She was born in Chicago, the granddaughter of a famous Kiev cantor; she related, with great pride, her father’s tales of a carriage, pulled by eight white horses, taking her grandfather on tour for the high holy days. Her main teachers were Sophia Brilliant-Liven, Jan Chiapusso and Olga Samaroff (the American wife of conductor Leopold Stokowski) and, for harpsichord, Gavin Williamson.

Her talent showed itself early, and she made her public recital debut in Chicago at the age of nine. When, at 16, she auditioned for the Juilliard School of Music, New York, she startled the panel by offering to play most of Bach’s 48 preludes and fugues from memory.

Shortly afterwards, she settled on her future direction during a strange episode in a Juilliard practice room. While working on a Bach fugue, she blacked out for a short time; she came round with an inner revelation that she needed to create a different type of keyboard technique specific to the playing of Bach. Her teacher told her it was a wonderful, but impossible, idea; in response, she changed teachers. She never stopped perfecting this apparently elusive notion.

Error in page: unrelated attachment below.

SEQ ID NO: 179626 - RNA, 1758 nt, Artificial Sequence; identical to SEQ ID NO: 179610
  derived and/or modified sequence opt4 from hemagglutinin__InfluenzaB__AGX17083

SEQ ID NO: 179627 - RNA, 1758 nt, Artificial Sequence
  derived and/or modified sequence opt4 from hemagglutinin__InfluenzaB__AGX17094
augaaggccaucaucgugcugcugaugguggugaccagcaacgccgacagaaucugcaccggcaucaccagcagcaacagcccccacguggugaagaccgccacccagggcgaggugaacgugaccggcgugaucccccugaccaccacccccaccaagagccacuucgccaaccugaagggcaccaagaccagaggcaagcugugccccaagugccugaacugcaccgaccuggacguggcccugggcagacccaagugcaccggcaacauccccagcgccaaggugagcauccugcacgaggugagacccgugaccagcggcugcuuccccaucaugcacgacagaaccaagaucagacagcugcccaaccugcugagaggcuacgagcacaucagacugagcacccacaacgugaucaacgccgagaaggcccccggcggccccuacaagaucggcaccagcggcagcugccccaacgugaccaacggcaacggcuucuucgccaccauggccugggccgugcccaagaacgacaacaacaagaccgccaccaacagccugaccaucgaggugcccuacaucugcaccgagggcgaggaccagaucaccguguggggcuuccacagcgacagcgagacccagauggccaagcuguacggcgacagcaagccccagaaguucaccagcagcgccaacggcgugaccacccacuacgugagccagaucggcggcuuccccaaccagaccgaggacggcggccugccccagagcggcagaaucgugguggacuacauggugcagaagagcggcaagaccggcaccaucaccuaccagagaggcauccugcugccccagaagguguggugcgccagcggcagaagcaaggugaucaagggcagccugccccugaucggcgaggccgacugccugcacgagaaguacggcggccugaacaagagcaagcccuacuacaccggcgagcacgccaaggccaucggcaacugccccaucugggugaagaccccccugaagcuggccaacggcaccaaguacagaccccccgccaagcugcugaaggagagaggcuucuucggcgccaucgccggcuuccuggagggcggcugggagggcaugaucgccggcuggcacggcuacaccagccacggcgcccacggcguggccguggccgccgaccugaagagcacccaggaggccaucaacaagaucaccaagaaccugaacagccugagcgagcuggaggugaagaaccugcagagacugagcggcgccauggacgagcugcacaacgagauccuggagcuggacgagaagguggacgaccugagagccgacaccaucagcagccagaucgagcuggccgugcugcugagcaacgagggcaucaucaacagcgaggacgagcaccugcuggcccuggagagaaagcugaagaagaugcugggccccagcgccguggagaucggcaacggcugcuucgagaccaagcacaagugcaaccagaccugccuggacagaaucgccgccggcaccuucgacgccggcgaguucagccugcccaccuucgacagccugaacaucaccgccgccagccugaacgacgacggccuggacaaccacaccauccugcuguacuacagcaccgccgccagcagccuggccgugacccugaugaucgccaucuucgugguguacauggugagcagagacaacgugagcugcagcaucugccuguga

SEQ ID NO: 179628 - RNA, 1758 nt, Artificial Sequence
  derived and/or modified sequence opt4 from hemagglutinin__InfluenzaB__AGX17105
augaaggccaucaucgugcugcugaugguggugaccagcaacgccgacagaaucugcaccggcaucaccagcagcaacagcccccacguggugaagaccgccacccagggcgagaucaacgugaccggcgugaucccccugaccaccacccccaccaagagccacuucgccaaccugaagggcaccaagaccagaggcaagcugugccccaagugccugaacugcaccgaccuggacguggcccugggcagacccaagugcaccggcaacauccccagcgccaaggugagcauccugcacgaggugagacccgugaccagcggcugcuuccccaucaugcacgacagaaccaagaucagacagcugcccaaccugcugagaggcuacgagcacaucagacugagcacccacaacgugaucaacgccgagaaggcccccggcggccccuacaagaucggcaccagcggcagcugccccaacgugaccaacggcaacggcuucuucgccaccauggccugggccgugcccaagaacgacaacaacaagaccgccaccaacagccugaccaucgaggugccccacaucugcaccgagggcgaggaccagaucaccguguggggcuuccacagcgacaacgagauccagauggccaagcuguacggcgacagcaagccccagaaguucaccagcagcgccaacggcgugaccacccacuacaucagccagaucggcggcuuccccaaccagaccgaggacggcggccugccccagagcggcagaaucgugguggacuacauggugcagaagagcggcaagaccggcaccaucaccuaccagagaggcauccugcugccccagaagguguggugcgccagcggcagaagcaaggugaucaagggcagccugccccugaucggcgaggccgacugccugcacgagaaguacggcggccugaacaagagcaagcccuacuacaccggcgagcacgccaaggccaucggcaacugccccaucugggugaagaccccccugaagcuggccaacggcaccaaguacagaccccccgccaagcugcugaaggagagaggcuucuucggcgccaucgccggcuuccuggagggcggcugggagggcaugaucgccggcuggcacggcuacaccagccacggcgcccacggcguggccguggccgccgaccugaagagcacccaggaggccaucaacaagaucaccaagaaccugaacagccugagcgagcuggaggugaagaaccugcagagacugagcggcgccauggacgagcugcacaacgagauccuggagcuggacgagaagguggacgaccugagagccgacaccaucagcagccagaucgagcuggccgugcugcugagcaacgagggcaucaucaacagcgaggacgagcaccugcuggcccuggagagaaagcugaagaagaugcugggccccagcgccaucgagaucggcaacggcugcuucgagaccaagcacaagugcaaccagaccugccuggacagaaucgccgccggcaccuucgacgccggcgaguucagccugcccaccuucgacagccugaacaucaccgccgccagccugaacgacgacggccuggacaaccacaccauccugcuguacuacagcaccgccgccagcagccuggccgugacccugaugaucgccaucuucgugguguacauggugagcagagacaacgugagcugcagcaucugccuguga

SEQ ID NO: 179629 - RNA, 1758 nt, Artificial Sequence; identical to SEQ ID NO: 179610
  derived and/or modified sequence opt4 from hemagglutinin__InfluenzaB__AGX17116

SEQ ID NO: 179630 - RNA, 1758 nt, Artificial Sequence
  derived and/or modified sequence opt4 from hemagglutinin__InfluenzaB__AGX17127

Tureck’s pianistic style, which (unfairly enough) was a huge influence on the more celebrated Glenn Gould, was uncompromisingly rigorous, intelligent and full of attention to detail: she took, for example, great care over the appropriateness of ornamentation. But what always convinces the listener is the compelling, incandescent, almost evangelical spirit that shines through that detail. She was hailed as “the high priestess of Bach” – and that is how she will be remembered.”

She was the “High Priestess of Bach.” If you have not had a chance to listen to her Bach recordings, you are in for a treat. I introduced them to one of my daughters who wrote back that she had two words to describe her listening experience: “Hubba, Hubba.”